A problem facing all e-tailers, large and small, is the problem of merchandise returns. The following passage recites some aspects of the return problem for online merchandisers, particularly the specially focused e-tailers.
 “Think about how often you receive unwanted presents. Sure, you appreciated the thought, but that hot-pink shirt from Aunt Thelma wouldn't have fit you even 15 pounds ago, and the color isn't remotely in your ‘palette.’ While returning the gift in the real world might mean waiting in long lines, the wait could be much more unpleasant online: You might not be able to return it at all.
 “Consumers will spend at least $4.5 billion online this season, and of that, about 5 percent will be returned, estimates analyst Adam Sarner of the Gartner Group (IT) . . . .
 “Web sites that don't allow consumers to return products to physical stores can certainly damage a brand's image, says Gartner's Sarner. A return can be ‘an opportunity for the store to sell another pair of pants, but they are basically turning customers away’ by not accepting the returns in person, he says.
 “Most Web sites have some form of return policy, but it might not be the most ideal for consumers, Sarner says. Some Web sites allow customers to return products, but charge a 50 percent restocking fee to cover shipping and handling costs. ‘We saw a lot of that a couple of years ago, but it has gotten a lot better,’ Sarner adds. Now a handful of merchants are covering all return shipping costs, and even allowing customers to return online purchases to their stores. But the majority of sites still have a lot of work to do on their return processes.
 “The retail industry traditionally works on thin margins, and may be unprepared for the challenges posed by returns. Some retailers have gone for the simplified approach of creating Web versions of their catalogs. Other merchants have spun their Web sites into separate subsidiaries, using incompatible technologies to manage inventory. The results are Web sites that function with primitive back-office processing.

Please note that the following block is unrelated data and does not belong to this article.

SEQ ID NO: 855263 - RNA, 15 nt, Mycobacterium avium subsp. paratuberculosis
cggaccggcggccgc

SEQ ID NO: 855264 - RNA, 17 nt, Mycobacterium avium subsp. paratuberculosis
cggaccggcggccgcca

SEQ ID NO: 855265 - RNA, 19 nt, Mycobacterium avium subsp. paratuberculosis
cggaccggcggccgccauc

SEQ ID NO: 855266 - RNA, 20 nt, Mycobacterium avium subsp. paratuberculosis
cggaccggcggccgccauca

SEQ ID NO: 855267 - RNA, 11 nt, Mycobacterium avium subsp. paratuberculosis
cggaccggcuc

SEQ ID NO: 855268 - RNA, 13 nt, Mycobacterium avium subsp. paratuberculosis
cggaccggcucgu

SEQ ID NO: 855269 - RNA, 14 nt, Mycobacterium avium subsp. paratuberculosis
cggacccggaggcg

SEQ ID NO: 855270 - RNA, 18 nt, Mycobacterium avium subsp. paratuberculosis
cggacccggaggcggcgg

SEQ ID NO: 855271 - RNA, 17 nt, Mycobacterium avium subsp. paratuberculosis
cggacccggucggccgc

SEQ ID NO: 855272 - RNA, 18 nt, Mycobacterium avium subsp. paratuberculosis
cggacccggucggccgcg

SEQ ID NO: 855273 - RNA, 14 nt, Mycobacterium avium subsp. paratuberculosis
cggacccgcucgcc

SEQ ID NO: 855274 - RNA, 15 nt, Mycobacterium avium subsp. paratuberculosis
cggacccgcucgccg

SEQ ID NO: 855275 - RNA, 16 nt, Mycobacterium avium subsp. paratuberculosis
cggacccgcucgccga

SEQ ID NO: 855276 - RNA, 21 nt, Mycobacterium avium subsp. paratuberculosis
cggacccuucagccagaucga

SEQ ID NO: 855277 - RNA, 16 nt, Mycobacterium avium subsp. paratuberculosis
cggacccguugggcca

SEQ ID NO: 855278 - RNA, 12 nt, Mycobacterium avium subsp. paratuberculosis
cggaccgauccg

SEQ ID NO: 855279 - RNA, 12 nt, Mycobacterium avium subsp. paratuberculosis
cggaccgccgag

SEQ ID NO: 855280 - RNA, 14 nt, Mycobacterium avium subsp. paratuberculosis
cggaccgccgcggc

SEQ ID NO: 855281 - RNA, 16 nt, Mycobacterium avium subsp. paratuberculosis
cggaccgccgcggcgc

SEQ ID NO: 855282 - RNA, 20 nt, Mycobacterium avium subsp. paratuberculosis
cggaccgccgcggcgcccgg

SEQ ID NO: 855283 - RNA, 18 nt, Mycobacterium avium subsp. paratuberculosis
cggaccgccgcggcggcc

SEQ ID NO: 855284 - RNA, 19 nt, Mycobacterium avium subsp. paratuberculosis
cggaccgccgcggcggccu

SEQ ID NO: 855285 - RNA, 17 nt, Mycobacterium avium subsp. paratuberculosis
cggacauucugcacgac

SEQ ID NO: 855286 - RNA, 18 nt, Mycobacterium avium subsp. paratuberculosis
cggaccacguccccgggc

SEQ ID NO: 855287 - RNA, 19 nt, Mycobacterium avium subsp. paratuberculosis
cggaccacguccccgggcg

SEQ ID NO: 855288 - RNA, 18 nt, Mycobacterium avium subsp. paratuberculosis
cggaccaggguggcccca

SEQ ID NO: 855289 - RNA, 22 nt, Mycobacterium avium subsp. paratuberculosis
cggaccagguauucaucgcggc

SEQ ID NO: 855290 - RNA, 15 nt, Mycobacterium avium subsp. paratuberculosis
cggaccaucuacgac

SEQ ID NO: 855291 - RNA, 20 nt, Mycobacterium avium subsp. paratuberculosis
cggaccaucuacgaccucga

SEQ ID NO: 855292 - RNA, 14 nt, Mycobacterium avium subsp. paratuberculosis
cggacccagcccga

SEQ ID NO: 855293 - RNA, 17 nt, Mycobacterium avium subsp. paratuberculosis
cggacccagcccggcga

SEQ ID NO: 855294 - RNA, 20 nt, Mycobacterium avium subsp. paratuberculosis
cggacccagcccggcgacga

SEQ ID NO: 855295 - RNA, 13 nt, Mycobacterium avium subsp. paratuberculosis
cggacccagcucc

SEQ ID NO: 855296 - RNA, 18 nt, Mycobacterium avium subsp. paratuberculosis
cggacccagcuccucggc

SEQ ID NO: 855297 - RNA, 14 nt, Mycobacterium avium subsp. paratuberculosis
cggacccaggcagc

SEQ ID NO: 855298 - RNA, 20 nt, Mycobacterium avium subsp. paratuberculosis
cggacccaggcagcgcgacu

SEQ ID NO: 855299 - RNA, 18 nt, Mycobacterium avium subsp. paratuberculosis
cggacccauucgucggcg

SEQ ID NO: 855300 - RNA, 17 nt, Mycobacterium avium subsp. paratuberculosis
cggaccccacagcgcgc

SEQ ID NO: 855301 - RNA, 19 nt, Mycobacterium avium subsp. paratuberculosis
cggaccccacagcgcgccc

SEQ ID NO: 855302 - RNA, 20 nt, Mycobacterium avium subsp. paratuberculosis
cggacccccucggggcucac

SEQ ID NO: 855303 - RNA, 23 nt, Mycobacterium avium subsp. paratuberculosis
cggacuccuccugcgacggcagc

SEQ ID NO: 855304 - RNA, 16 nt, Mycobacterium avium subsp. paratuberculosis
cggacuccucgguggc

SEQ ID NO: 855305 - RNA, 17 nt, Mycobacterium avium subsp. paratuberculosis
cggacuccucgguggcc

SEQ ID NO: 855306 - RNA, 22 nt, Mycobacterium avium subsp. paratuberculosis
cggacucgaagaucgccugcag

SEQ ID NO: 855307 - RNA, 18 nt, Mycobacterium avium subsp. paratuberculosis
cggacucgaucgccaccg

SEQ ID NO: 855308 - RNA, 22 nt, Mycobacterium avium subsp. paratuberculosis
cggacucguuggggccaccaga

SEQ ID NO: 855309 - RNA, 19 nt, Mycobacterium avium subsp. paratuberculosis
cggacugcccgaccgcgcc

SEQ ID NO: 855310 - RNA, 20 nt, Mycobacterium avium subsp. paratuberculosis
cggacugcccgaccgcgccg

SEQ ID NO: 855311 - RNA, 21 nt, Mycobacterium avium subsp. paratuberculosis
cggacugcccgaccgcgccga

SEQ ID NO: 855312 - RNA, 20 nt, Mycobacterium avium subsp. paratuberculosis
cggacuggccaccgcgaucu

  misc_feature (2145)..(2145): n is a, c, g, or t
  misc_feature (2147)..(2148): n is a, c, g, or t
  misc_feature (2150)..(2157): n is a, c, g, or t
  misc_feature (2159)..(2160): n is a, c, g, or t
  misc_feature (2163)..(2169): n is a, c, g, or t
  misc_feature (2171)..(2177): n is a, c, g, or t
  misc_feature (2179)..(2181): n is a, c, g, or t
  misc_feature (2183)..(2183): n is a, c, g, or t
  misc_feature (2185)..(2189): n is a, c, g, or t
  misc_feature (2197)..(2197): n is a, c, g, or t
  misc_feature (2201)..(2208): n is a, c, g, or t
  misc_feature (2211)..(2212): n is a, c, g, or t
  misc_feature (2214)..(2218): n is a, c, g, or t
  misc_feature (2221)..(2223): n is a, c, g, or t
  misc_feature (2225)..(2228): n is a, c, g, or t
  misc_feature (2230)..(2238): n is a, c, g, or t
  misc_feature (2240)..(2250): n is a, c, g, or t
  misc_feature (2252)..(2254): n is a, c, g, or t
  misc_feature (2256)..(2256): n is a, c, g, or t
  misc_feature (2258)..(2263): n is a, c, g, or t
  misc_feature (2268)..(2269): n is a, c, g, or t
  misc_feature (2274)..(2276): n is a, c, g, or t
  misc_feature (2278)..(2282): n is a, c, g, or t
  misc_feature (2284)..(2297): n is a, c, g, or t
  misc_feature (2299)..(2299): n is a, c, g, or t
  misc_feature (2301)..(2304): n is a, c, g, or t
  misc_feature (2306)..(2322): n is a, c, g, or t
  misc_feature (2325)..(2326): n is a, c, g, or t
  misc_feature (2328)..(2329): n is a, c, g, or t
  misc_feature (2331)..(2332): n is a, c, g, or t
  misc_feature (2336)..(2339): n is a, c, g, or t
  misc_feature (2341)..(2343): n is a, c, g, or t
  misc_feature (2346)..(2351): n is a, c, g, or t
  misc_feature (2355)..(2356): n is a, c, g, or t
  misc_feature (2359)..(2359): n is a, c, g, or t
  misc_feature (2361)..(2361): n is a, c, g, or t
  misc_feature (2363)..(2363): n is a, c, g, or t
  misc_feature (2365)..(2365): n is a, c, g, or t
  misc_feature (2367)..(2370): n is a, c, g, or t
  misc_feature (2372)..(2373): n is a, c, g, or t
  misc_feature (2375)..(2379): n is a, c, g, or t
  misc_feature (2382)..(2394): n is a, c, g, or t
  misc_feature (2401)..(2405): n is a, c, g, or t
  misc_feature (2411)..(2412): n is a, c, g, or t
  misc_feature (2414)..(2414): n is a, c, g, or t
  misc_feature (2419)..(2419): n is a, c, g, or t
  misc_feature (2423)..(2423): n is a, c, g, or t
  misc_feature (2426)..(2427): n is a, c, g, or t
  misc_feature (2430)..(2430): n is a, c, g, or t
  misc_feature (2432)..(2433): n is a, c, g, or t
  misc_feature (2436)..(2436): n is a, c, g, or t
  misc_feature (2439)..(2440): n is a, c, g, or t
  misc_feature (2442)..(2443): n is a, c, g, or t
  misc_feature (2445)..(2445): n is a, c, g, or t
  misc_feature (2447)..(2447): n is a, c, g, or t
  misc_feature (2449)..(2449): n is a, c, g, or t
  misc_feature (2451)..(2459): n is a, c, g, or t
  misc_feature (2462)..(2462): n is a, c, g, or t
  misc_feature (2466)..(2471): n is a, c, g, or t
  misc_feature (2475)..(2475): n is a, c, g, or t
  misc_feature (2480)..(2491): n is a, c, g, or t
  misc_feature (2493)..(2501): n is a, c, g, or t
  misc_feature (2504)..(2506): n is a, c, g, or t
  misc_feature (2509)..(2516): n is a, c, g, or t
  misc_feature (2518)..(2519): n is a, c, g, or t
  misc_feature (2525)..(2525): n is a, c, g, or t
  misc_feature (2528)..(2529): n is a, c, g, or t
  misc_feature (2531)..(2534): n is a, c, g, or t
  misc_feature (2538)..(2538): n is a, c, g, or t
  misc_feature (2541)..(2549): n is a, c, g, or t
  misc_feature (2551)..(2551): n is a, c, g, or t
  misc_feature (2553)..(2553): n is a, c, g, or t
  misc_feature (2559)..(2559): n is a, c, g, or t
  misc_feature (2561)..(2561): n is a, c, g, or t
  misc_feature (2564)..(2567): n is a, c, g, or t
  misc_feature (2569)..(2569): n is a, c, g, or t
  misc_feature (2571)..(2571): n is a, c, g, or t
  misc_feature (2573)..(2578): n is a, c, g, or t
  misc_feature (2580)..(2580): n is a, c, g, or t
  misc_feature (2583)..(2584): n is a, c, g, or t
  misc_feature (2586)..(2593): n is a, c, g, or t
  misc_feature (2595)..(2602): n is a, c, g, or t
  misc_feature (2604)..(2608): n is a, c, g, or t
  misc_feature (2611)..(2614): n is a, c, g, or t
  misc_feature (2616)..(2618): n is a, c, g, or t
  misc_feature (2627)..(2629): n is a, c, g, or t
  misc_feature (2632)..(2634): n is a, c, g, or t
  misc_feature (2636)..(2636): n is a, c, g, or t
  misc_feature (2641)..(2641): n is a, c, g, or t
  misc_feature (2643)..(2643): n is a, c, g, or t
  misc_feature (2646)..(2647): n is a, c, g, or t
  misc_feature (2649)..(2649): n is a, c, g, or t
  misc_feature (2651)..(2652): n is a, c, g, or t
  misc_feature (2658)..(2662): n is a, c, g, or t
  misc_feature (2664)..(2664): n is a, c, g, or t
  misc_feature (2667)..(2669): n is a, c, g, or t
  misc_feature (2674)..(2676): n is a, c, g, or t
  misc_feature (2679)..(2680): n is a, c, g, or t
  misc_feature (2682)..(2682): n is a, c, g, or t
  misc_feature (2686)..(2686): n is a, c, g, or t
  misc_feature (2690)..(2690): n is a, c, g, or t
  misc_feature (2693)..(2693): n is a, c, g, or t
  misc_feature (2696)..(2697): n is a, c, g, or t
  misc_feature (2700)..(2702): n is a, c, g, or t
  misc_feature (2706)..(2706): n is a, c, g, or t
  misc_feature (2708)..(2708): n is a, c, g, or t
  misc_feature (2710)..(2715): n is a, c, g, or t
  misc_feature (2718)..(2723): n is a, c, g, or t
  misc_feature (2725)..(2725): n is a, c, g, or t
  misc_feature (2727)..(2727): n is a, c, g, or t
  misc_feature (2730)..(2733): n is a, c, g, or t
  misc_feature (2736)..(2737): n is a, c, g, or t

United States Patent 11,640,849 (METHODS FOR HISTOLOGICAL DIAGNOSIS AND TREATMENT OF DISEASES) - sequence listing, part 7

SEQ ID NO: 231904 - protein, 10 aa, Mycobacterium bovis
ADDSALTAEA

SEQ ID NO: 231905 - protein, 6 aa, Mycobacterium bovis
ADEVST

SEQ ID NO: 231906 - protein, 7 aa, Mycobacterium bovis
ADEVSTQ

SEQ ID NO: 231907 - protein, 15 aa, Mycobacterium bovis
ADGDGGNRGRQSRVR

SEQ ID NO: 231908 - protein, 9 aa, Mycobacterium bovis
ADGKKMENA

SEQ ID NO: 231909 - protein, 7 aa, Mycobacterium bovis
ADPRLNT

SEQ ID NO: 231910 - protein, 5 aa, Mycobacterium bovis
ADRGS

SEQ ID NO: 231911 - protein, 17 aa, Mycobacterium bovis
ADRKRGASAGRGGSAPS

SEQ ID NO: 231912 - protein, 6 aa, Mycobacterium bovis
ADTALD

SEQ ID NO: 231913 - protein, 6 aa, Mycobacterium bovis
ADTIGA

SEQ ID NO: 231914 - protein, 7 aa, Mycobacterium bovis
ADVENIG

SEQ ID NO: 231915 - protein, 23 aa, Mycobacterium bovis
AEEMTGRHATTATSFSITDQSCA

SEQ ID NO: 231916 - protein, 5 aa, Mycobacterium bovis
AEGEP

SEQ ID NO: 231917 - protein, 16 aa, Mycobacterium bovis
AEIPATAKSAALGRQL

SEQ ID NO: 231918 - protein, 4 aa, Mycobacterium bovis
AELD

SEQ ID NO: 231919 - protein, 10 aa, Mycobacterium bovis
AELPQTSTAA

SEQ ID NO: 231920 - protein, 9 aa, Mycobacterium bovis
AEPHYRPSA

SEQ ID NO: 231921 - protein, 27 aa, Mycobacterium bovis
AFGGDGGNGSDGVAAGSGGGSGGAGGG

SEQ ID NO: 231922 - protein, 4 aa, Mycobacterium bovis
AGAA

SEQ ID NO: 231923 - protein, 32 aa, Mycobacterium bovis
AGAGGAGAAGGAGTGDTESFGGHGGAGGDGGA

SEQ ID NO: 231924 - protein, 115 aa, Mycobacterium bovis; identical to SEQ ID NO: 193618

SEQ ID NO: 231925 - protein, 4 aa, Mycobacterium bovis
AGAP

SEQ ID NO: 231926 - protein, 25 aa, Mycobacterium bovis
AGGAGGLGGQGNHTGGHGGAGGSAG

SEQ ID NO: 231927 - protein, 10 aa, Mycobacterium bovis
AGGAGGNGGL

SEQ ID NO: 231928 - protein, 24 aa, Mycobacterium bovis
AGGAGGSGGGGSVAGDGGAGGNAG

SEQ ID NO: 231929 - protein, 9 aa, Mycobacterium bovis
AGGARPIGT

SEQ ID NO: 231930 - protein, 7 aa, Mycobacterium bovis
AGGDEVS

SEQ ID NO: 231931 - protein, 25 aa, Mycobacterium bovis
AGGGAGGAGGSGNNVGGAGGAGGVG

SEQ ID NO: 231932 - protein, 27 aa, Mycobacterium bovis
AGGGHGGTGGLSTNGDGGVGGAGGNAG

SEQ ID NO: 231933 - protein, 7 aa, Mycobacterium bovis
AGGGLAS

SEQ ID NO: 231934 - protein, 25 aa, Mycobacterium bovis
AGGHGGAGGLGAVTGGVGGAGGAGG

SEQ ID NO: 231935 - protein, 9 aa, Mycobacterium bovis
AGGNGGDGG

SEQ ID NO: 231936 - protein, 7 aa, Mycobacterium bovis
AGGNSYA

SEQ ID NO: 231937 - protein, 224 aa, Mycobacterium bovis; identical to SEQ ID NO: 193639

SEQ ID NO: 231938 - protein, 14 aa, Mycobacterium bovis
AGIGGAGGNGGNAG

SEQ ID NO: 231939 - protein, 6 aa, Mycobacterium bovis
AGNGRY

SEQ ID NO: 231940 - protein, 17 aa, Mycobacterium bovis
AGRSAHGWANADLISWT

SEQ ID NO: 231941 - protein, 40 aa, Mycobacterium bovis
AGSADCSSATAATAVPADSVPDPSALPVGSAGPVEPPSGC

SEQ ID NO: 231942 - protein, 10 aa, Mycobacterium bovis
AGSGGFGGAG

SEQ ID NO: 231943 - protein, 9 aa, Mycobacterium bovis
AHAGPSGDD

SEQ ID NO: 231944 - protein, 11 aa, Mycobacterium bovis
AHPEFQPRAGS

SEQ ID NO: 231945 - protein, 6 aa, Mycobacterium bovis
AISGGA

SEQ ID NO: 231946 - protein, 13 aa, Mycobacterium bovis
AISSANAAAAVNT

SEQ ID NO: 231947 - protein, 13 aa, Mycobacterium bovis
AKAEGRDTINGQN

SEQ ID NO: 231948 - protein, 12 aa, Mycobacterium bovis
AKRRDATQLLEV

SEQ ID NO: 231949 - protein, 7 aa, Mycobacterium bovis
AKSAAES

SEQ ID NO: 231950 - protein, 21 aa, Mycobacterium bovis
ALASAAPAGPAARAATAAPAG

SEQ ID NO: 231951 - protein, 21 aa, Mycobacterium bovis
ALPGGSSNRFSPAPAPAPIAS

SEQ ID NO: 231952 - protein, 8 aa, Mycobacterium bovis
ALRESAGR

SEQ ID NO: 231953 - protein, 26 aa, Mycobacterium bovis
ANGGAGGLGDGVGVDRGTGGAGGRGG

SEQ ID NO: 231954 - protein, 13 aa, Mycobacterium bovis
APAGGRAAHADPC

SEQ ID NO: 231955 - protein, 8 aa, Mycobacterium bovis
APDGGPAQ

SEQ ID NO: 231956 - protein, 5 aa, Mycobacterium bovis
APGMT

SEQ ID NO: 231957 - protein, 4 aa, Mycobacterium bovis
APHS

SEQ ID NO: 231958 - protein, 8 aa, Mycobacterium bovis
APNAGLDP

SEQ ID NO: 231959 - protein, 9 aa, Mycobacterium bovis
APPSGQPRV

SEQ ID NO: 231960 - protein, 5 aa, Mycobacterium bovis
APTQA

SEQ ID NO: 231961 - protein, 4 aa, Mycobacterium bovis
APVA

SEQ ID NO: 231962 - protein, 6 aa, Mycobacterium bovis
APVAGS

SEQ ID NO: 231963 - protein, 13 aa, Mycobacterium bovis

“To get returns under control, you can either out-source them to a shipper like FEDEX® or a fulfillment house like FINGERHUT®, or handle them in-house, as NORDSTROM® (NOBE) does. Whichever model you choose, you need good systems and real-time information to pull it off . . . . ”
 by Luisa Beltran, “Many Unhappy Returns” (Nov. 15, 1999), http://www.thestandard.com/article/display/0,1151,7458,00.html.
 Framed in a different context, it is expected that the entry of WAL-MART® into e-commerce is going to adversely affect an e-tailer who competes on products head-to-head with WAL-MART®. To WAL-MART®'s advantage, it has a widely distributed infrastructure of brick-and-mortar stores. This facilitates more impulse buying than ecommerce. To WAL-MART®'s disadvantage, it has a widely distributed infrastructure of brick-and-mortar stores. These are no doubt costly to maintain. To the e-tailer's advantage, it has virtually no brick-and-mortar overhead and thus can offer goods at perhaps lower prices because of the virtual absence of such overhead. To the e-tailer's disadvantage, it has virtually no brick-and-mortar presence in a buyer's neighborhood. The absence of neighborliness aside, the e-tailer can't take back returns at the neighborhood outlet as say, WAL-MART® can.
 What is needed is an improvement which addresses and overcomes the shortcomings of the prior art ways in which e-tailers can accomplish returns.
 It is an object of the invention to establish a service for e-tailers in order to relieve such e-tailer's of the problem of returns, and do it highly cost effectively.
 It is another object of the invention that the foregoing service operate in a manner likely to build goodwill with the purchasing public by virtue of a distributed network of point-of-return affiliates who will accept the e-tailer's returns on a walk-in basis in such associate's brick-and-mortar store. That is, the purchasing public ought to be pleased to carry out their returns of e-commerce purchases in stores in their own neighborhood.
 It is an additional object of the invention that the above service and method of carrying out the returns include a compact token affixed to each product of each order fulfilled by an e-tailer, which token is encoded with packing-slip kinds of information. In a preferred embodiment, the token is preferably a point-of-fulfillment generated and affixed bar code.